When shopping for internal doors, it’s important to account for how they look alongside the rest of the interior, and how well they function. But just as important is the energy efficiency – particularly if a door is bordering an area of the house that isn’t normally kept as warm as the rest of it.
This concern is just as pressing with internal bi-fold doors – and for larger ones, it’s even more so, as the larger the door is, the greater its role will be in preventing heat from transferring from one place to another. In this article, let’s examine how we can ensure that our bi-fold doors are effective insulators.
Why is thermal efficiency important?
If we’re going to save money on our electricity bills, it’s vital that warm air stays where we’d like it to be. Heat that escapes through poorly-insulated doors, after all, is heat that’s going to need to be replaced. And it’s the homeowner that’ll need to cover the cost of this replacement. Far better, then, to invest in a door that will slow the transfer, and save money in the long run.
There are also good environmental reasons why an energy efficient door might be preferable to a non-energy efficient one, as the more energy we consume, the more pollution we consume as a by-product of that energy generation.
While it’s usually external doors which are required to do more of the heat-excluding work than their internal counterparts, it’s still worth considering the value of an energy-efficient internal door.
How is thermal efficiency calculated?
You might have seen the energy efficiency of a door or window described using the ‘u’ rating. Most commonly used in windows, this figure will help you to choose between a poor insulator and a decent one. The same can be said of ‘r’ values, which are more commonly used to refer to walls, floors and roofs. The two figures tend to be arrived at under different assumptions, and so comparisons between the two are tricky: u-ratings measure the rate at which heat is lost, while r-rating measure the resistance to that loss. Lower u-ratings are better, higher r-ratings are worse.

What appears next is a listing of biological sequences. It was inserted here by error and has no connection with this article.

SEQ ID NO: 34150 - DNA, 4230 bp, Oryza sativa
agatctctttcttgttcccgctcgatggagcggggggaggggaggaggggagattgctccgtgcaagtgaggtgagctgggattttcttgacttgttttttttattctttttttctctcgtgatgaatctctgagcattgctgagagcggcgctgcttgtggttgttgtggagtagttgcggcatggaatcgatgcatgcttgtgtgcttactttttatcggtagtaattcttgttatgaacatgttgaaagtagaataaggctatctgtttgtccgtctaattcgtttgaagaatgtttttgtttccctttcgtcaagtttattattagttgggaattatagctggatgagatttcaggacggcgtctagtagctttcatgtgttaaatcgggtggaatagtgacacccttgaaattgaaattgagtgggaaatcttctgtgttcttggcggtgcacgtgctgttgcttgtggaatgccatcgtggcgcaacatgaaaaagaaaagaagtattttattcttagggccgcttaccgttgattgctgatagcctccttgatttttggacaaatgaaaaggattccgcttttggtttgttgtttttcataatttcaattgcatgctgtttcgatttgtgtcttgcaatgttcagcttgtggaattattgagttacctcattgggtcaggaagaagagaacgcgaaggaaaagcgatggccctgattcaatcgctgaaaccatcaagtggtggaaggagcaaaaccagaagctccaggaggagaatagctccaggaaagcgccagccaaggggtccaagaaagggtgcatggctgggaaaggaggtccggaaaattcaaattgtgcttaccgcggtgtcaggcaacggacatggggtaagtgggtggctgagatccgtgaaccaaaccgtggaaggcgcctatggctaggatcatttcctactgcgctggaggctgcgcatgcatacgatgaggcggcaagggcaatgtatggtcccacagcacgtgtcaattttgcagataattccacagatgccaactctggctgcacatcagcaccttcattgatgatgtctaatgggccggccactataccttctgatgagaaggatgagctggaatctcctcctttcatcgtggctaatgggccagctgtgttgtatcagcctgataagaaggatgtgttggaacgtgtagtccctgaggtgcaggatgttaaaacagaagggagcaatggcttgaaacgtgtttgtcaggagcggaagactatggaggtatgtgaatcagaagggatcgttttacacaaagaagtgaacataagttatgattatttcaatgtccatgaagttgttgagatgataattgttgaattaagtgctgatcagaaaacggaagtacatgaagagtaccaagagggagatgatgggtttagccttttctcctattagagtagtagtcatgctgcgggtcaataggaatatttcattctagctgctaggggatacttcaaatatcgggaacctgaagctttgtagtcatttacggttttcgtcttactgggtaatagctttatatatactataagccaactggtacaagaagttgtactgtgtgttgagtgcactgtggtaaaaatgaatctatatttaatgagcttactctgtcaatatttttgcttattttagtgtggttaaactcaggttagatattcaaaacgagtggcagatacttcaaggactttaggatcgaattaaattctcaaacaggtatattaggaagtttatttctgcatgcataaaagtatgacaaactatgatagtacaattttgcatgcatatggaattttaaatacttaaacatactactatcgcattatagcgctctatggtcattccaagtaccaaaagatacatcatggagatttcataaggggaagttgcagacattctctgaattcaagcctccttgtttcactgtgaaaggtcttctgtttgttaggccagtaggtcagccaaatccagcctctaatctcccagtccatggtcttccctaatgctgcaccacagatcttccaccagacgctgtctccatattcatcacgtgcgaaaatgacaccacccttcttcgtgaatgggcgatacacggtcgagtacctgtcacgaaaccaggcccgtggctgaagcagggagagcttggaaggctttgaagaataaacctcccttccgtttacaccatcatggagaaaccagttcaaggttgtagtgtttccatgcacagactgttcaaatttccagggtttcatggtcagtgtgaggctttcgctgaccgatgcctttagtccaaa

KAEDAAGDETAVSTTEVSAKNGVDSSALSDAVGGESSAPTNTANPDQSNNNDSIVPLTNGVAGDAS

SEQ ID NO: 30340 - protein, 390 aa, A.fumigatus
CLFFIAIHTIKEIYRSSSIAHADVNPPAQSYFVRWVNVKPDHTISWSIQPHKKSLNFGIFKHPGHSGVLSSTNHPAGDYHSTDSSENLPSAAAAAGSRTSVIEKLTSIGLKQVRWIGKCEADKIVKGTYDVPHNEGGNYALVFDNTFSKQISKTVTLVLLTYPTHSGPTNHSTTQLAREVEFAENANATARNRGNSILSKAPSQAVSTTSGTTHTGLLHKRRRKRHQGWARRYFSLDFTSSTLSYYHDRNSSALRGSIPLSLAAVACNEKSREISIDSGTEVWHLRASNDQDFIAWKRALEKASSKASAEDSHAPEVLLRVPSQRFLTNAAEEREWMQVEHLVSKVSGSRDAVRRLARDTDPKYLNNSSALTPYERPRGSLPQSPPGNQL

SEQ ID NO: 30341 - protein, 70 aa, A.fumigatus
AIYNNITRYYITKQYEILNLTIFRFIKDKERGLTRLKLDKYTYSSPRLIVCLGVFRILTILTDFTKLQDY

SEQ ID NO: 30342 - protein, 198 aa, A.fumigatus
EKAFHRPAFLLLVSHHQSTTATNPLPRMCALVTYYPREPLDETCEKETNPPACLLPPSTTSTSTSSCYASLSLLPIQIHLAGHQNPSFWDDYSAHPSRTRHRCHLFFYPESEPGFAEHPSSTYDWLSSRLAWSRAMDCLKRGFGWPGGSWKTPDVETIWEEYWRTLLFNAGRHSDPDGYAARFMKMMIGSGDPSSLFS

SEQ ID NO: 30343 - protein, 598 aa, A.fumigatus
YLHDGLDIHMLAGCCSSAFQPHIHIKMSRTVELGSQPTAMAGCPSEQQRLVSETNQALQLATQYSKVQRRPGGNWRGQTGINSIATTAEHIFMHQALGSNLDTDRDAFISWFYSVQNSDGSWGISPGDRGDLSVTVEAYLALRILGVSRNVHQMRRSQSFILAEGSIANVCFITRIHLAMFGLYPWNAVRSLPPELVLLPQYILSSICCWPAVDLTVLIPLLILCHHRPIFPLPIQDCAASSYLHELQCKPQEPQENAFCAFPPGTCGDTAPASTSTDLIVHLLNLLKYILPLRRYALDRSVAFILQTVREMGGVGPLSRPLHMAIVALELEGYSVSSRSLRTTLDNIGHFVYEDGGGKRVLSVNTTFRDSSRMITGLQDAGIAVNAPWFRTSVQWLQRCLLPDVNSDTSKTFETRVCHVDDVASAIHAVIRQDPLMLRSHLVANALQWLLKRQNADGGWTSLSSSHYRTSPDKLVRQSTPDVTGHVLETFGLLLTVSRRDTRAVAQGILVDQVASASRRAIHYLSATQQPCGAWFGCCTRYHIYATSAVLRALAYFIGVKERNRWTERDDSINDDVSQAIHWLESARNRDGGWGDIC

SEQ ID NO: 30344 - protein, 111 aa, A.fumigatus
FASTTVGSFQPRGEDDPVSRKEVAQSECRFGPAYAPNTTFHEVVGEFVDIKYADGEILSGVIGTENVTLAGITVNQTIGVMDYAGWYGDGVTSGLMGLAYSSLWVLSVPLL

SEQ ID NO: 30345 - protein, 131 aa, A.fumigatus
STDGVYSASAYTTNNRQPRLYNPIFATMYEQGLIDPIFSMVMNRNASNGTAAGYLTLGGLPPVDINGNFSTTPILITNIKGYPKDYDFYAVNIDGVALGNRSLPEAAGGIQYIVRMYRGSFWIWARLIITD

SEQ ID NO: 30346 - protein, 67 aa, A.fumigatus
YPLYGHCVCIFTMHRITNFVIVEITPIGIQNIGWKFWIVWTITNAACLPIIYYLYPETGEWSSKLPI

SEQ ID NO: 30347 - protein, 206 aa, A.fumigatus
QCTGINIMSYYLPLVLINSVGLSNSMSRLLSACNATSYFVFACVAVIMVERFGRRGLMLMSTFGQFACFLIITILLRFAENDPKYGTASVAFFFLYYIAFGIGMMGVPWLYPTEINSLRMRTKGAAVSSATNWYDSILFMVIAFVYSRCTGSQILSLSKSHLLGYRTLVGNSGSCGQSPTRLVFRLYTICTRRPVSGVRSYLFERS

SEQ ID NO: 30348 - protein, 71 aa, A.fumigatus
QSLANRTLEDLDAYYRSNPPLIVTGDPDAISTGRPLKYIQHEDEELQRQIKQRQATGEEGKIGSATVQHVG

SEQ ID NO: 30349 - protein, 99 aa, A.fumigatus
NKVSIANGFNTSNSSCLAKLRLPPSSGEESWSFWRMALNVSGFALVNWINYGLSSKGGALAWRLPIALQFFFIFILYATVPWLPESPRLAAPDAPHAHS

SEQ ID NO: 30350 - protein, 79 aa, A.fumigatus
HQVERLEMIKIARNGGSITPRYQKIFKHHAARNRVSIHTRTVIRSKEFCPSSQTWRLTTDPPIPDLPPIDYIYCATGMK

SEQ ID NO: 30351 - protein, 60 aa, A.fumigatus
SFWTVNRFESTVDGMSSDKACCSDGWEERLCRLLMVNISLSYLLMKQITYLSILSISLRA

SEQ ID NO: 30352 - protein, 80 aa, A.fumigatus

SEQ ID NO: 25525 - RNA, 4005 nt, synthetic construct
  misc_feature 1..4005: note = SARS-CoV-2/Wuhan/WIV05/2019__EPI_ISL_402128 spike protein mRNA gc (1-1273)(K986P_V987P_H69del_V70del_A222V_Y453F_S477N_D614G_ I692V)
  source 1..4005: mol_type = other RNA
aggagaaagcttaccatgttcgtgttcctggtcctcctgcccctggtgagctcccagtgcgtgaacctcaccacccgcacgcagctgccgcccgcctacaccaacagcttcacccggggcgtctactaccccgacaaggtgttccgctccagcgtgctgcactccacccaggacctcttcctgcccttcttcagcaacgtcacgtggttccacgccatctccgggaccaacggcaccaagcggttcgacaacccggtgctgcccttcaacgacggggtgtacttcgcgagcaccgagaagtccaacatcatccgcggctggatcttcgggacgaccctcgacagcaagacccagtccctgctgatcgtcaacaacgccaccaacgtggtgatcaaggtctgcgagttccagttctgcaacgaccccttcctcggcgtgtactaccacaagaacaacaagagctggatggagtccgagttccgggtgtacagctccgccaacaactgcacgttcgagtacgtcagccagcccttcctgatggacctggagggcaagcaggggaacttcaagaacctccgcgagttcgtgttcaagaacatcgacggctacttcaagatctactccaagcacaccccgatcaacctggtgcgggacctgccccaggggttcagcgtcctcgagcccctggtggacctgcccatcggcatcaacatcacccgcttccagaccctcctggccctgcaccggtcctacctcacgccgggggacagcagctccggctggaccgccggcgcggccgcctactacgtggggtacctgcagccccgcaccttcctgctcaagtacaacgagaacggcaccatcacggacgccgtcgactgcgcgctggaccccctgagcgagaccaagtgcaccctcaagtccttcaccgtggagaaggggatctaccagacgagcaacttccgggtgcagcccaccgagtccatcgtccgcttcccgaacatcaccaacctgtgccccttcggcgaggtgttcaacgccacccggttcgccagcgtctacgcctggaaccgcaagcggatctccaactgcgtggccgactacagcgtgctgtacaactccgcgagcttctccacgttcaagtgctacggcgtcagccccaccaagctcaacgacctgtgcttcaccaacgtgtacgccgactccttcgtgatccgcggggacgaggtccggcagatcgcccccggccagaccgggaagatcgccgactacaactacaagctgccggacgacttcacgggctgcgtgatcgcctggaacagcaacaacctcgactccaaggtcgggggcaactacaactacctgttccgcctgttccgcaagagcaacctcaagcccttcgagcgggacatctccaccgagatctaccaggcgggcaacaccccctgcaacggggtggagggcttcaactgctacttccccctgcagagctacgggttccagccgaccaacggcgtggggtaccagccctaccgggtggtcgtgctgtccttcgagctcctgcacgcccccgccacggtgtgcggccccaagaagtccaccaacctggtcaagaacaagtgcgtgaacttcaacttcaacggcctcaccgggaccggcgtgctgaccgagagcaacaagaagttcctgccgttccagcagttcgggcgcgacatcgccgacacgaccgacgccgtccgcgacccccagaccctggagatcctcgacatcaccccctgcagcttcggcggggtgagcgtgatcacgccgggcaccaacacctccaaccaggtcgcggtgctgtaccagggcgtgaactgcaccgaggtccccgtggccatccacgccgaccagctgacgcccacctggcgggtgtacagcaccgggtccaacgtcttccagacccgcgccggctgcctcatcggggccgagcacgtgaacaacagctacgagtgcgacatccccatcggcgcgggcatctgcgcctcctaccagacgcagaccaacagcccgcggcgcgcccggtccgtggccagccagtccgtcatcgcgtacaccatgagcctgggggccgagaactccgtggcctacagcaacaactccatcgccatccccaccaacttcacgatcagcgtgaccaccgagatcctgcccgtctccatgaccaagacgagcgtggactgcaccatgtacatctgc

In order to simplify things for the average consumer, thermal efficiency is often instead put in terms of a rating from A-G (and an accompanying coloured stripe). An ‘A’ rated door will perform much better than a ‘G’ rated one.
How else can we improve thermal efficiency in the home?
If we’re interested in spending less energy in our homes in general (particularly during the winter) then there are a myriad of different ways of doing so. Some of them involve major investment, others can be done for very little.
Measure your doors
When we’re first installing our internal bi-fold doors, it’s important to ensure that the door closely matches the dimensions of the gap we’re installing it into. This will provide minimal space for cold air to pass through at the edges. If you’re the owner of a larger property, then some areas, like garages and utility rooms, might not need to be heated quite so often. By measuring precisely, and investing in a close-fitting door, we can minimise the space through which cold draughts can pass.
Since windows are the weakest point of a building when it comes to thermal efficiency, it’s essential to close curtains in the evenings. This will help to impede warm air, and thereby minimise heat-loss during the night-time. Then, when morning breaks, open the curtains and allow sunlight to enter your home again, heating it.
Heavier curtains are more thermally efficient than lighter ones, so be sure to invest in them. This is especially true in properties in conservation areas, who might lack the necessary permissions to install double-glazing.
Standard glazing technology is a notoriously poor insulator. That’s why the installation of double-glazing can have such a marked impact on the performance of a window, and by extension the entire building.
Double-glazing works by sandwiching a layer of inert gas (usually argon) between two panes of glass. This dramatically slows the transfer of heat from one side to the other. Double-glazing can be of tremendous benefit not only to the windows of a building, but to any windows that might be contained within a door – both the internal and external sort.
Cavity Wall and Loft insulation
Using a similar principle, it’s possible to improve the heat-retaining properties of walls and roofs, too. A cavity wall is one which consists of two separate walls, with a space in between known as a cavity. By filling this space with a special expanding foam, it’s possible to greatly improve its u-rating. The same is true of our loft, through which most of the heat in our homes escapes (as it rises). Cram a suitable amount of insulating material into a loft, and you’ll prevent that heat from escaping so easily.
We rightly concentrate our energy-saving efforts on external doors at the expense of internal ones, since the former are expected to preserve far greater differences in temperature on either side. That said, there is still a great deal to be said for ensuring that our internal doors are substantial and draught-free. In order to do this, we should ensure that we invest in doors with low u-ratings, and whose dimensions closely match those of the surrounding frame. In doing so, we’ll contribute to the overall energy-efficiency of our homes.